As addressed in a previous post, in December 2019, the Supreme Court of Canada released its decision in Canada (Minister of Citizenship and Immigration) v. Vavilov, 2019 SCC 65 [Vavilov] which introduced a new test for the determination of the applicable standard of review of administrative decisions and revised the framework for conducting reasonableness review. (more…)
Vavilov in Action: New Test and Framework for Standard of Review applied in Local Government Context
Twenty years ago, the Supreme Court of Canada declared in the case of Nanaimo (City) v. Rascal Trucking Ltd.1, that the question of whether a local government was acting within the scope of its authority should be determined on the standard of correctness. Subsequently, the Supreme Court of Canada affirmed that such a question “will always be reviewed on a standard of correctness”.2
On July 15, 2019, sections of Bill 22, Civil Resolution Tribunal Amendment Act, British Columbia, 2018, c.17 came into force and amended the Civil Resolution Tribunal Act, SBC 2012, c.25 (the “CRTA“) and the Societies Act, SBC 2015, c.18 (the “Societies Act“). The amendments provide the Civil Resolution Tribunal (the “CRT“) with jurisdiction to resolve disputes over certain claims under the Societies Act.
Societies should be aware of these amendments because members may apply to the CRT in order to challenge a society’s interpretation or application of the Societies Act as well as certain actions, threatened actions or decisions of a society. Also, citizens may apply to the CRT in order to challenge a society’s decision or interpretation of provisions respecting access to records or financial statements.
In 2018, the City of Victoria successfully defended a petition brought by the Canadian Plastic Bag Association to quash the City of Victoria’s Checkout Bag Regulation Bylaw which prohibited businesses from providing customers with single-use plastic checkout bags. The Supreme Court determined that the Bylaw was a regulation of business and even though it may have incidental effects on the protection of the environment, that did not affect the validity of the Bylaw.
Local Government Officials and the Duty of Care: The BC Court of Appeal Reverses the BC Supreme Court Decision in Wu v. Vancouver (City)
By its January 21, 2019 decision in Wu. V. Vancouver (City), 2019 BCCA 23, the BC Court of Appeal has overturned the 2017 decision of the BC Supreme Court in the case of Wu v. Vancouver (City), 2017 BCSC 2072 and has made important findings as it relates to the limits of legal duties owed by public bodies such as local governments, and the liability to which they may be exposed. (more…)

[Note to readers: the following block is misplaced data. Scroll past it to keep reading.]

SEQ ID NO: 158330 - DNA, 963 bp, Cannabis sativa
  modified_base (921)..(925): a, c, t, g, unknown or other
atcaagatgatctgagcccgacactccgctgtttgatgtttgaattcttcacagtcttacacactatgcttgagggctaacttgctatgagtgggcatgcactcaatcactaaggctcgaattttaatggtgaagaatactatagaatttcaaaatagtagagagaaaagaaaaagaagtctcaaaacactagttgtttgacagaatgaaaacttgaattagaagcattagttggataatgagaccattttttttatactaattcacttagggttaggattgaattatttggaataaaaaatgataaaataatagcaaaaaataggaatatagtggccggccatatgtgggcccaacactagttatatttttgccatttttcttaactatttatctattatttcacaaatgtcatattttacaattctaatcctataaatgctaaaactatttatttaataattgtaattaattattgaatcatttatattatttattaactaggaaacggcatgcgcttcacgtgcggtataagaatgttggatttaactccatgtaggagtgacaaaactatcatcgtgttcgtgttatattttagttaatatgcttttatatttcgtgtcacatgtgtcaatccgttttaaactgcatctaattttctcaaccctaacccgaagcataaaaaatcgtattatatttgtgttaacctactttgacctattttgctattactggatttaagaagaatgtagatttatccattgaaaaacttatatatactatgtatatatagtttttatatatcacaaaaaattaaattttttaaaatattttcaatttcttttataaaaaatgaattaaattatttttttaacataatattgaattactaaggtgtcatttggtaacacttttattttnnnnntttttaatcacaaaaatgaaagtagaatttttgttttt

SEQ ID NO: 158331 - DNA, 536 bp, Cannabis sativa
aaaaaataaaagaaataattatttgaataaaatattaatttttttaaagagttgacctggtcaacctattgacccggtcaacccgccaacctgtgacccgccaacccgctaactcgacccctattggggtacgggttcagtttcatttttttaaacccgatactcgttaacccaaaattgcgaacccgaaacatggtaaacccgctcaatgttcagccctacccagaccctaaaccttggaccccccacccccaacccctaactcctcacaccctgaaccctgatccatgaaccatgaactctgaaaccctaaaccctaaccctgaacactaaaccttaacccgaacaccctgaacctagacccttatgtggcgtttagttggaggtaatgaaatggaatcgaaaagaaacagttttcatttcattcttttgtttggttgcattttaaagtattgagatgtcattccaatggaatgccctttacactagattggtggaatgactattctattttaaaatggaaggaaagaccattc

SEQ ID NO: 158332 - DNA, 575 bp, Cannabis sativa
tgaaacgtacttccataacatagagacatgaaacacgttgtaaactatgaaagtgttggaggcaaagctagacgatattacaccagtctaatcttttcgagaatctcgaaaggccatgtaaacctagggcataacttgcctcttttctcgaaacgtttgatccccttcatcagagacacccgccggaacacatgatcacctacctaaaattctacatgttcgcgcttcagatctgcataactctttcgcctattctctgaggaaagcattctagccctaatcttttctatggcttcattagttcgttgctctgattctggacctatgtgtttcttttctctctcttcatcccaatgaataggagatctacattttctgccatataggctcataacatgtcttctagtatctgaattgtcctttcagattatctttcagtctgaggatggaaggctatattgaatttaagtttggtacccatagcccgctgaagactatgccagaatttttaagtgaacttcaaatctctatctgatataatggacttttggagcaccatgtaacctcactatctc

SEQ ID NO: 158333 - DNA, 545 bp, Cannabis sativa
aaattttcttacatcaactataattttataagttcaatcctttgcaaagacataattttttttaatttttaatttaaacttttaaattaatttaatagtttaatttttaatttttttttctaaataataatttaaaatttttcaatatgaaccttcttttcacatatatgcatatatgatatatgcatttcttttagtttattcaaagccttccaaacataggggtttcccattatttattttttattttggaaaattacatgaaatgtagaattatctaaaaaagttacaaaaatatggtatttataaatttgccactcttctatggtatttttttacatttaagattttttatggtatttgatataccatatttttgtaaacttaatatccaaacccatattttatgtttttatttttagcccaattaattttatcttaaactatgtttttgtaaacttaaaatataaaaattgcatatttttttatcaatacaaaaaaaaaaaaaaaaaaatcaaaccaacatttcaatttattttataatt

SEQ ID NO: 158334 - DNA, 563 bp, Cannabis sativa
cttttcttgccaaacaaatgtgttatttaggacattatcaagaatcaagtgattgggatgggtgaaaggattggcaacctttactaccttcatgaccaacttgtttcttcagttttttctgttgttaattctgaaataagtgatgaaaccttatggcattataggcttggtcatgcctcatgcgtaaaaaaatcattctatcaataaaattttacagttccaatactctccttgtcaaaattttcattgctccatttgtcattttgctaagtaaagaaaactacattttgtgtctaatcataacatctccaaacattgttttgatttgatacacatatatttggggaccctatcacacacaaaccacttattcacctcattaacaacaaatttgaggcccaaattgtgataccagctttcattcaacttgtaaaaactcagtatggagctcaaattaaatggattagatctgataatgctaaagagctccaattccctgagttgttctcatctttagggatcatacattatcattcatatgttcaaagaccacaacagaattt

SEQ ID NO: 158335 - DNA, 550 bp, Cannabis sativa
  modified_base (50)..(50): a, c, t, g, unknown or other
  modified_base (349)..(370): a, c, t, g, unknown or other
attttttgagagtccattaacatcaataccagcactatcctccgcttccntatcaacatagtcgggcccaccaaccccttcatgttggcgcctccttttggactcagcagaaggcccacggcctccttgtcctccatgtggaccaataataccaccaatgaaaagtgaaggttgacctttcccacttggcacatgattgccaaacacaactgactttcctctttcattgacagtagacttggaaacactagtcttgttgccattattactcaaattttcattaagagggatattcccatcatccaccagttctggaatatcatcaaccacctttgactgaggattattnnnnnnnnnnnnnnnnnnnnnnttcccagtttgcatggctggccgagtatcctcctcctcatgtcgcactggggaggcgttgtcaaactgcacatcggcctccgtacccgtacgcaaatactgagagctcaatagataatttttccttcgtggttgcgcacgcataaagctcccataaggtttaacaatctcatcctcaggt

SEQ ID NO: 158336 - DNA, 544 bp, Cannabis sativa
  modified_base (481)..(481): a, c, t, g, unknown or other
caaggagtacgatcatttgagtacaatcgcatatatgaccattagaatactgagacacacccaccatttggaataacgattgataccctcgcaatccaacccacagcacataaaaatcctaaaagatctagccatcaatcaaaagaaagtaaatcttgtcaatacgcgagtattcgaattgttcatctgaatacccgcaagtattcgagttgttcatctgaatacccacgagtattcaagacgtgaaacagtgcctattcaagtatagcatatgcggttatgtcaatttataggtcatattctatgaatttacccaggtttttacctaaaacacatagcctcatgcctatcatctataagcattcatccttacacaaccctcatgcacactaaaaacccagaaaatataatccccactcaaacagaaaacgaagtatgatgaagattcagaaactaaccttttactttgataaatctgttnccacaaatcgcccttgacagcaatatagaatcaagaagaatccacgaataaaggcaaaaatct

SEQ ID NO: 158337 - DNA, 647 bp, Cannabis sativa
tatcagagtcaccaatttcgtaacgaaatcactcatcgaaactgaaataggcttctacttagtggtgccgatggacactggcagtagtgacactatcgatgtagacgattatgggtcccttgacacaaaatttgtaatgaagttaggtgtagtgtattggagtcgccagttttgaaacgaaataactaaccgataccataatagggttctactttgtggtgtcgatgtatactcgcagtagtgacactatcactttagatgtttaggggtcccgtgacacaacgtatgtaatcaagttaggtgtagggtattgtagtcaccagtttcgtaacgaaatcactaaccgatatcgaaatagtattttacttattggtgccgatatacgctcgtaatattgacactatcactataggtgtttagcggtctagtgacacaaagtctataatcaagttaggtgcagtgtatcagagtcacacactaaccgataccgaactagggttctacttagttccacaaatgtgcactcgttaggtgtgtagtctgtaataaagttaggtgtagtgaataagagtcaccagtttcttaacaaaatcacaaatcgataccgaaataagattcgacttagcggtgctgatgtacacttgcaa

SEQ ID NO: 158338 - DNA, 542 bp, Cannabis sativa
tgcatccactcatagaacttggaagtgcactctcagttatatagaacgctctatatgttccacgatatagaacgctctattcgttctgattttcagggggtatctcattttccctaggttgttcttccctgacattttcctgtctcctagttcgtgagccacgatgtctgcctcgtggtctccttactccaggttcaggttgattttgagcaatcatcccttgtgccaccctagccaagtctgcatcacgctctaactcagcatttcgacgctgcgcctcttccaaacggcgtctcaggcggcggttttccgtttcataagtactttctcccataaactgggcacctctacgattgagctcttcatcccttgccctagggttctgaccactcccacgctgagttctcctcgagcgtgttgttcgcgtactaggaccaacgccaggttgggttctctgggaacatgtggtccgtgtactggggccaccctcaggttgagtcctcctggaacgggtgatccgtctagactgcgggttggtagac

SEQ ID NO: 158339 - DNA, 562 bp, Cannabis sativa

In two recent decisions, Saanich (District) v Brett, 2018 BCSC 1648 (“Saanich”) and Nanaimo (City) v Courtoreille, 2018 BCSC 1629 (“Nanaimo”), the BC Supreme Court considered local government applications to the Court for pre-trial injunctions to terminate unauthorized homeless encampments. Generally, these cases represent examples of the Court undertaking a balancing of the homeless population’s need for shelter and against the nature of these encampments within the context of the duties and authority of public authorities to reasonably manage lands falling within their jurisdiction. (more…)
The Village of Chase recently defeated a challenge to the validity of its Property Maintenance Bylaw by local business owners in Chase Discount Auto Sales Ltd. v Waugh, 2018 BCSC 2014. Mr. Justice Grauer of the B.C. Supreme Court dismissed the judicial review petition of the business owners and helpfully summarized the relationship between the bylaw powers and remedial action requirement authority of local governments provided by the Community Charter, SBC 2003, c. 26. (more…)
In Romegioli v. Langley (Township) 2018 BCSC 1867, the B.C. Supreme Court recently had opportunity to judicially review the decision of a bylaw adjudicator upholding over 500 bylaw infraction notices (with associated fees and costs of approximately $270,000) that had been issued to the petitioner, Mr. Romegioli, relating to the operation of a cannabis dispensary. The dispensary caught the attention of Langley for breaches of multiple bylaws relating to operations, renovations and signage.
In 1139652 B.C. Ltd. v Whistler (Resort Municipality), 2018 BCSC 1806, the B.C. Supreme Court recently reviewed a decision of the resort municipality of Whistler denying a property owner’s application for a Development Variance Permit (DVP). The Court upheld the decision, finding that it was reasonable.
In Compagna v. Nanaimo (City), 2018 BCCA 396, the British Columbia Court of Appeal has confirmed an earlier B.C. Supreme Court decision that recognized a building inspector’s discretion to request additional geotechnical reports following subdivision approval, at the building permit stage, as being consistent with the intent of section 56 of the Community Charter. Section 56 is a mechanism that local government building inspectors can use to require a geotechnical engineering report when a building or structure is proposed on hazardous lands, for example land at risk of landslide or flooding. The purpose of requiring such a report is to determine the suitability of the lands for the proposed building or structure and to obtain professional recommendations for conditions necessary to ensure the safe use of the land.